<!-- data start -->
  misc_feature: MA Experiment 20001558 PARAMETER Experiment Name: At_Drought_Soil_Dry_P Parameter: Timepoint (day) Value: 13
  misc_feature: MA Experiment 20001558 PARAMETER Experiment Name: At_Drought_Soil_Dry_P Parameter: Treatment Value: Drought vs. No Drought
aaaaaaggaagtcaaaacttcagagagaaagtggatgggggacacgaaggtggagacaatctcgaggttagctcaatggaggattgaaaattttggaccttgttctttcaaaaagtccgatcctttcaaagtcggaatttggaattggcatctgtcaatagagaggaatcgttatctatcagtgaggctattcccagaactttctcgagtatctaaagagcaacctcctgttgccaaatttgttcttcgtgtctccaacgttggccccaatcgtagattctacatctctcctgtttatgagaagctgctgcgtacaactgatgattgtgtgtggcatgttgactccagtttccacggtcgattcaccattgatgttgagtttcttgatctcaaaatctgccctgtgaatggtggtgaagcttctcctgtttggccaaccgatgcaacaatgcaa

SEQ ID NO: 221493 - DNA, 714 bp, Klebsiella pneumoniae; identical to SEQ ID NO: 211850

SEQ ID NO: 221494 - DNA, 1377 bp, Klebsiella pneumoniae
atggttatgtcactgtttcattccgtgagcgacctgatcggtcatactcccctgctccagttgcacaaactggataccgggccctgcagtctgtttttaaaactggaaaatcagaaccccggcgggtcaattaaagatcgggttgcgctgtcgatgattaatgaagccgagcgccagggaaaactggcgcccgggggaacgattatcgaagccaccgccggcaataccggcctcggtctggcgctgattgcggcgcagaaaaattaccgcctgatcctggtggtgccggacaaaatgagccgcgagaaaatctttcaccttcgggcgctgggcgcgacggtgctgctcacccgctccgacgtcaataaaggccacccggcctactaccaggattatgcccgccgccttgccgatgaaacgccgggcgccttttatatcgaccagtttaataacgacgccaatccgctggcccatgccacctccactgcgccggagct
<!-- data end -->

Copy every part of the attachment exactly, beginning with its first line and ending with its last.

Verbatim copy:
  misc_feature: MA Experiment 20001558 PARAMETER Experiment Name: At_Drought_Soil_Dry_P Parameter: Timepoint (day) Value: 13
  misc_feature: MA Experiment 20001558 PARAMETER Experiment Name: At_Drought_Soil_Dry_P Parameter: Treatment Value: Drought vs. No Drought
aaaaaaggaagtcaaaacttcagagagaaagtggatgggggacacgaaggtggagacaatctcgaggttagctcaatggaggattgaaaattttggaccttgttctttcaaaaagtccgatcctttcaaagtcggaatttggaattggcatctgtcaatagagaggaatcgttatctatcagtgaggctattcccagaactttctcgagtatctaaagagcaacctcctgttgccaaatttgttcttcgtgtctccaacgttggccccaatcgtagattctacatctctcctgtttatgagaagctgctgcgtacaactgatgattgtgtgtggcatgttgactccagtttccacggtcgattcaccattgatgttgagtttcttgatctcaaaatctgccctgtgaatggtggtgaagcttctcctgtttggccaaccgatgcaacaatgcaa

SEQ ID NO: 221493 - DNA, 714 bp, Klebsiella pneumoniae; identical to SEQ ID NO: 211850

SEQ ID NO: 221494 - DNA, 1377 bp, Klebsiella pneumoniae
atggttatgtcactgtttcattccgtgagcgacctgatcggtcatactcccctgctccagttgcacaaactggataccgggccctgcagtctgtttttaaaactggaaaatcagaaccccggcgggtcaattaaagatcgggttgcgctgtcgatgattaatgaagccgagcgccagggaaaactggcgcccgggggaacgattatcgaagccaccgccggcaataccggcctcggtctggcgctgattgcggcgcagaaaaattaccgcctgatcctggtggtgccggacaaaatgagccgcgagaaaatctttcaccttcgggcgctgggcgcgacggtgctgctcacccgctccgacgtcaataaaggccacccggcctactaccaggattatgcccgccgccttgccgatgaaacgccgggcgccttttatatcgaccagtttaataacgacgccaatccgctggcccatgccacctccactgcgccggagct